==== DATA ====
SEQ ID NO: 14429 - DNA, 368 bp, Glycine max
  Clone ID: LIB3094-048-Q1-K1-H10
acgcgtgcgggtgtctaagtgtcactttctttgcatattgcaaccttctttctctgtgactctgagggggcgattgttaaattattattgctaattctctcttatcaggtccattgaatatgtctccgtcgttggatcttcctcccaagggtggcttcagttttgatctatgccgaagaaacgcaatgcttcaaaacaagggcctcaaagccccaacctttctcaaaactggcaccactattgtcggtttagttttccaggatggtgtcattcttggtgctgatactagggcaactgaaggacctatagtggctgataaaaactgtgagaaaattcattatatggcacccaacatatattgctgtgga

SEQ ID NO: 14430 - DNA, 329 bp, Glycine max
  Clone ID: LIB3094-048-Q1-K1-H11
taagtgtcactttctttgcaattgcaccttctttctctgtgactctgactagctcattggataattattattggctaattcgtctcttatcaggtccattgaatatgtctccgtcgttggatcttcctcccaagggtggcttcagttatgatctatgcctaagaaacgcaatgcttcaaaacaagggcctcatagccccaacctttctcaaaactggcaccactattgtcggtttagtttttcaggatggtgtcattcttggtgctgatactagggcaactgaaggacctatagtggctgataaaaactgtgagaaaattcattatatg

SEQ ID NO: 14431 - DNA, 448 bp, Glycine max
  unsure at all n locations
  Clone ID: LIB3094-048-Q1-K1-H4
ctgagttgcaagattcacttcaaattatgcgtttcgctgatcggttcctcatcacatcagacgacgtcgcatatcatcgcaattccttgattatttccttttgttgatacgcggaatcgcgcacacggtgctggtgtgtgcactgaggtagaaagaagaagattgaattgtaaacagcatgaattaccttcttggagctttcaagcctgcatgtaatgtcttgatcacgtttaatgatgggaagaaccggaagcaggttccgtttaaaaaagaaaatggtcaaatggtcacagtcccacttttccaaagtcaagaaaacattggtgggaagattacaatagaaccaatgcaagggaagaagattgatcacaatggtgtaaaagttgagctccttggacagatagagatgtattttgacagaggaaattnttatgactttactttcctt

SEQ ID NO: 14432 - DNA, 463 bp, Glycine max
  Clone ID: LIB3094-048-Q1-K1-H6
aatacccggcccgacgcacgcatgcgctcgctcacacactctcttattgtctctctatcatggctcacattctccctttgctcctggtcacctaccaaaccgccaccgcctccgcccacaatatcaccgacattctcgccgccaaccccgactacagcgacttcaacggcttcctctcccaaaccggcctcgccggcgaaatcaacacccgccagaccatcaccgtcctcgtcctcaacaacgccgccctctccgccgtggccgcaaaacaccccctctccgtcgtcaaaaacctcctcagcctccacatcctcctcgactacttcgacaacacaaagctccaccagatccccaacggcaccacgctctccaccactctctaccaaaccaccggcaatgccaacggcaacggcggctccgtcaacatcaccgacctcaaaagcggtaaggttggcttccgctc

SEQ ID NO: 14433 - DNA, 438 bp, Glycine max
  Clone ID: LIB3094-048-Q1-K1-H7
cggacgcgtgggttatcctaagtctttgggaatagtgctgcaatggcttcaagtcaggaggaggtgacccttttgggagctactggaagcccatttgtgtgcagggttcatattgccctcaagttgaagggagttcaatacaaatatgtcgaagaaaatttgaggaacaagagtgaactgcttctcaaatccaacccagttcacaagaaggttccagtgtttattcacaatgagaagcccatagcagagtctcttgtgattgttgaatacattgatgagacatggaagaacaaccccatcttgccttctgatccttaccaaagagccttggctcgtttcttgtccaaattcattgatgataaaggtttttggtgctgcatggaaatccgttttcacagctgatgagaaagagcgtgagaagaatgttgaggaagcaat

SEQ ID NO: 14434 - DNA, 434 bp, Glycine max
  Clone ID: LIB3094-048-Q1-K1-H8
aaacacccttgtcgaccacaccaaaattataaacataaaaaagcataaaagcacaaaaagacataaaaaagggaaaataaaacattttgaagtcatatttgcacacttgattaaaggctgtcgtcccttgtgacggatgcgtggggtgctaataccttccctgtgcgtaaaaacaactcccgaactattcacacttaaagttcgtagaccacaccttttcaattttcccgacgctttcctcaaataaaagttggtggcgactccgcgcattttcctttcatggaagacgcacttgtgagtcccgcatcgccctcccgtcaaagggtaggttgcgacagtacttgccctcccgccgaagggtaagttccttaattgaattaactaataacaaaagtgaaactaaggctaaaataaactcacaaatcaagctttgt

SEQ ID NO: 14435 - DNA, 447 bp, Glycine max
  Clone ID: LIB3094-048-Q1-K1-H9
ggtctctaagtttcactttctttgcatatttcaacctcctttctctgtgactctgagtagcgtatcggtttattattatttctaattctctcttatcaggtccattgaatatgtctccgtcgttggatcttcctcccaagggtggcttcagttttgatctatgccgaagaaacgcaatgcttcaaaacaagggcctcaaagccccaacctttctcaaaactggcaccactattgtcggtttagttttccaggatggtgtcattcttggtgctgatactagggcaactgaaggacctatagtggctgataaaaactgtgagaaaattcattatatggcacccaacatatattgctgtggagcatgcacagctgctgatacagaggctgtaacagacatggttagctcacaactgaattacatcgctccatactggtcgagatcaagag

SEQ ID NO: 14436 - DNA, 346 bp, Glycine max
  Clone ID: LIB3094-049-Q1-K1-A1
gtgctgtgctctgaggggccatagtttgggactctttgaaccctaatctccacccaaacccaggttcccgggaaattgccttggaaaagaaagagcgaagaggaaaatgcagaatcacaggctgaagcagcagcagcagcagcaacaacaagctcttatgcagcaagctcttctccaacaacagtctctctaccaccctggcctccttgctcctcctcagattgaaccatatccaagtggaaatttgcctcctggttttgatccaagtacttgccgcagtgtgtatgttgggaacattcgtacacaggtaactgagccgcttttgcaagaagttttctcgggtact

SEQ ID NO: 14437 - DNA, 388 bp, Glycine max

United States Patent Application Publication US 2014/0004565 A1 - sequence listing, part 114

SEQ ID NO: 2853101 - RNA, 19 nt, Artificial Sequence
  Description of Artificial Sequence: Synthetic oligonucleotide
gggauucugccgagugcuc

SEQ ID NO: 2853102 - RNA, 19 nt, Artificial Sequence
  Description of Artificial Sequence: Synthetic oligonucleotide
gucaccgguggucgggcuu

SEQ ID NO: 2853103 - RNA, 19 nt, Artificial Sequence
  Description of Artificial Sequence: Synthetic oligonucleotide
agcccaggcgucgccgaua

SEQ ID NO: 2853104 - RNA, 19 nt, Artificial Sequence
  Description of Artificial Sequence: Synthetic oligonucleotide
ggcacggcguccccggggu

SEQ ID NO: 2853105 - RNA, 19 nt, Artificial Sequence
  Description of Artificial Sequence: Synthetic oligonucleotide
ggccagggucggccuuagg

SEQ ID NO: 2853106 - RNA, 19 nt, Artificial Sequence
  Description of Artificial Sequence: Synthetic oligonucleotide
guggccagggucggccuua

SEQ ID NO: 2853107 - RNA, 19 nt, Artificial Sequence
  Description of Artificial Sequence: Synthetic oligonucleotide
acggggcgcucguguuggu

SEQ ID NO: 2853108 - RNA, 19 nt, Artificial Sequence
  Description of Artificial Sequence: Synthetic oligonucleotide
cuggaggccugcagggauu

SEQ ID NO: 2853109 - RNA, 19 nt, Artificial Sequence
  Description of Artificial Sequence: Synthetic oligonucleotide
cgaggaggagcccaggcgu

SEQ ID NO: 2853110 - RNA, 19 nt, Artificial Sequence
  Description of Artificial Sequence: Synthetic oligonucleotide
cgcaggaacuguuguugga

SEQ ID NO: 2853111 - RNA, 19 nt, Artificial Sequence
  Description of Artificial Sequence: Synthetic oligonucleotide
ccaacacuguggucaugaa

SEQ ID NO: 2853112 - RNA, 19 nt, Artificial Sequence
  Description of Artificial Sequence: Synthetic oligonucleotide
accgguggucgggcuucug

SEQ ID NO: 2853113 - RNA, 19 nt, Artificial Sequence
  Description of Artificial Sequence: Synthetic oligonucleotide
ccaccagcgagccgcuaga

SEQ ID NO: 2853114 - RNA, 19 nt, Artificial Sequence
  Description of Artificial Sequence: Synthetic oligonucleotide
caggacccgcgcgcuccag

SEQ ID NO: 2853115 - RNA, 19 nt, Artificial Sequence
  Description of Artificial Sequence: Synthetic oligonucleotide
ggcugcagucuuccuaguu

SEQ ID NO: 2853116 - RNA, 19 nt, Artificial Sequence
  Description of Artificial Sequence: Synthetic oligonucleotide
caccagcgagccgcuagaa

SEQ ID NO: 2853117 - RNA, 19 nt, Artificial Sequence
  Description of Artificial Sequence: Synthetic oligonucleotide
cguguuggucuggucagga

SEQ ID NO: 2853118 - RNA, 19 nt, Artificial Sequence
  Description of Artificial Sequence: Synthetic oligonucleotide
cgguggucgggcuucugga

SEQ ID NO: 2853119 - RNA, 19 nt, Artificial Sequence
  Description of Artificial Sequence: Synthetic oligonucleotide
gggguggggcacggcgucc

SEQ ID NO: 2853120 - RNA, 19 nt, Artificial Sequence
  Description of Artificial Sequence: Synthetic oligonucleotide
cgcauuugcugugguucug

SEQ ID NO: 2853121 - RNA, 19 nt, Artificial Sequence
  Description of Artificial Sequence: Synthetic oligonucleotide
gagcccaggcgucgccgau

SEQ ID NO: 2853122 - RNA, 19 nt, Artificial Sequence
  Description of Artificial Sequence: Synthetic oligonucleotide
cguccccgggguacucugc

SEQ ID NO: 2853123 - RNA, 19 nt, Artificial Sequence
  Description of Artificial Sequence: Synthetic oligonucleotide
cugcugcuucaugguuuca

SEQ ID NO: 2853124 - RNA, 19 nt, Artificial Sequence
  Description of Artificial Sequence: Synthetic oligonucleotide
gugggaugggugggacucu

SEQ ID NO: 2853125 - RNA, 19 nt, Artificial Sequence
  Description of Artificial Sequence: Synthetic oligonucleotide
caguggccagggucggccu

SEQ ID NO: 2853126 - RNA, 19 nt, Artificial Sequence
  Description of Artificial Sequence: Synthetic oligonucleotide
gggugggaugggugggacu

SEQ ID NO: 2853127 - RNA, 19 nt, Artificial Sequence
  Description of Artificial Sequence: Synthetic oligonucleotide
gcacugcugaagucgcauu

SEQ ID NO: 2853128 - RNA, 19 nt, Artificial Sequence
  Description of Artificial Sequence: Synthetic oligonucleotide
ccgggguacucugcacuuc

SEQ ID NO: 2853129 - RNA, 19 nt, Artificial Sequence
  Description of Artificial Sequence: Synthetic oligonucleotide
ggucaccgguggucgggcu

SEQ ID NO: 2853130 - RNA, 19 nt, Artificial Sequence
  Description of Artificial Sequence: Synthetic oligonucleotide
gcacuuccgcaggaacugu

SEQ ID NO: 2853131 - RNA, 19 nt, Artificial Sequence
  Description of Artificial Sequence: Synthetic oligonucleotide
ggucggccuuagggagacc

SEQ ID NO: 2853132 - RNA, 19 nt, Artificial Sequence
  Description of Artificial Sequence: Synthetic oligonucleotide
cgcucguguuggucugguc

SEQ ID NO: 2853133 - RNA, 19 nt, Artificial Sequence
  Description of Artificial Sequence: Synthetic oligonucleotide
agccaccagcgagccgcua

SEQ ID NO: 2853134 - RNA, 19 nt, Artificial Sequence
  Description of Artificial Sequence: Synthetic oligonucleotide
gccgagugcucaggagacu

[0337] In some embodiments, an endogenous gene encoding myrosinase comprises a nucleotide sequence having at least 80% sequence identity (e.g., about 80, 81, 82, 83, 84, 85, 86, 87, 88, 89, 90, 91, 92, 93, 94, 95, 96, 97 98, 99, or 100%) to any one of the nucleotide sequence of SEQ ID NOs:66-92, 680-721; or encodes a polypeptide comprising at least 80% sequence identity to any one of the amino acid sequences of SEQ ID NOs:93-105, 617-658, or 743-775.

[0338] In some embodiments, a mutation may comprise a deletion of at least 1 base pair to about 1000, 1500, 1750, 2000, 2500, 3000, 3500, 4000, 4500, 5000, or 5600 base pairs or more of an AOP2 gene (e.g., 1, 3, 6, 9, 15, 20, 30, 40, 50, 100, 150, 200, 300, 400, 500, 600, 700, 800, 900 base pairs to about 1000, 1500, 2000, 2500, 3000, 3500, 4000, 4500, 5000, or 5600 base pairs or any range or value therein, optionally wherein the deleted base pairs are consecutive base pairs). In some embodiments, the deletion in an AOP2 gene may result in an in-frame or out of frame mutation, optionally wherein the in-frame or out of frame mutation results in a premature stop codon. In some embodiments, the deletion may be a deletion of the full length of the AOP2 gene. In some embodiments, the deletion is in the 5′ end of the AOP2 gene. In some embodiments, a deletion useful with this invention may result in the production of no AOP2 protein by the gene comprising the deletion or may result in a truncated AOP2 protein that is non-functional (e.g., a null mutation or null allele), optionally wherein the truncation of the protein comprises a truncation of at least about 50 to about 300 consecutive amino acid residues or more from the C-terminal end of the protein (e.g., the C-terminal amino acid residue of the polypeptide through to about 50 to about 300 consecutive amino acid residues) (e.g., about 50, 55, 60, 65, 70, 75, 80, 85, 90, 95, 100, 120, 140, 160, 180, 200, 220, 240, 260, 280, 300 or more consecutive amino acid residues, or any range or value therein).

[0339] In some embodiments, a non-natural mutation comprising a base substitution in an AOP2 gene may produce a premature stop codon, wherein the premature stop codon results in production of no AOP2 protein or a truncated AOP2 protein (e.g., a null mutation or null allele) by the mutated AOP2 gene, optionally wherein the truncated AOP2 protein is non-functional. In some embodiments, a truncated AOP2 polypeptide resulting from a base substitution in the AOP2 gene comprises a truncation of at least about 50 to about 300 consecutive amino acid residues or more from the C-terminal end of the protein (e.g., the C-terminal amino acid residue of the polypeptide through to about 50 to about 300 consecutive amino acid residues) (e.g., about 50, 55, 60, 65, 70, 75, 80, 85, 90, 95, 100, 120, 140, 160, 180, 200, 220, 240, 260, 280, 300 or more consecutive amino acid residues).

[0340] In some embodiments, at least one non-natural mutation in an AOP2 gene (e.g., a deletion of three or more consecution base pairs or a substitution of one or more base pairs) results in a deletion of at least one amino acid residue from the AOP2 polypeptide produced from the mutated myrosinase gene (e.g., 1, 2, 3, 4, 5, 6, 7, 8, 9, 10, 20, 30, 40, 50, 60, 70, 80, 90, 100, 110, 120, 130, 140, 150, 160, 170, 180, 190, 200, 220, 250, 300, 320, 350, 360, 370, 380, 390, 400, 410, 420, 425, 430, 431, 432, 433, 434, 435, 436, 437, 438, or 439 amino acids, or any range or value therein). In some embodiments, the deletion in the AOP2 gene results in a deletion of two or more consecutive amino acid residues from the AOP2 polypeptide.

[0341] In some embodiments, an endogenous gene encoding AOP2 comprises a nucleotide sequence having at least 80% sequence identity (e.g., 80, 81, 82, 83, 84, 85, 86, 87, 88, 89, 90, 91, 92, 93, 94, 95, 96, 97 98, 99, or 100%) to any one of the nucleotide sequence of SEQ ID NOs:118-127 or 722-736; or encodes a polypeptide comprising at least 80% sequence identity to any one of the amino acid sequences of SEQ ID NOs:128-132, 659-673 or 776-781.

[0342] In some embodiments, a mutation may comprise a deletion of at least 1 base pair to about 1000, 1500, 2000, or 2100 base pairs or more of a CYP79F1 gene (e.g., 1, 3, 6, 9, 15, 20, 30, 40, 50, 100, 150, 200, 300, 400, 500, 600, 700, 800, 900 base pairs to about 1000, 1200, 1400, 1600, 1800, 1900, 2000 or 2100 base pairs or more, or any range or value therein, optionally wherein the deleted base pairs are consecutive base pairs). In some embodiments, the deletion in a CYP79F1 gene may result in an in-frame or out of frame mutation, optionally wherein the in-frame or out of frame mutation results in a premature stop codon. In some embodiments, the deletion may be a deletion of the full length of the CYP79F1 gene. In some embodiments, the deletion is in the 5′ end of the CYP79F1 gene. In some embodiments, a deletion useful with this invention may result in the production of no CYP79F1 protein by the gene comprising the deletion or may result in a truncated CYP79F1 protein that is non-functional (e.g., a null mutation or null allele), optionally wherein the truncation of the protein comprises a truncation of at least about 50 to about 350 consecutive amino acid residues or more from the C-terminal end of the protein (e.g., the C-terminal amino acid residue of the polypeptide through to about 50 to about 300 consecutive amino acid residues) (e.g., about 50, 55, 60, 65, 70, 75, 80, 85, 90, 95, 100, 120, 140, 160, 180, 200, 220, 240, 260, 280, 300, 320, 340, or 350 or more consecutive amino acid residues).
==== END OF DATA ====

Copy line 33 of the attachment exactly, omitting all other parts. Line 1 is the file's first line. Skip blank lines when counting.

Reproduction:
gucaccgguggucgggcuu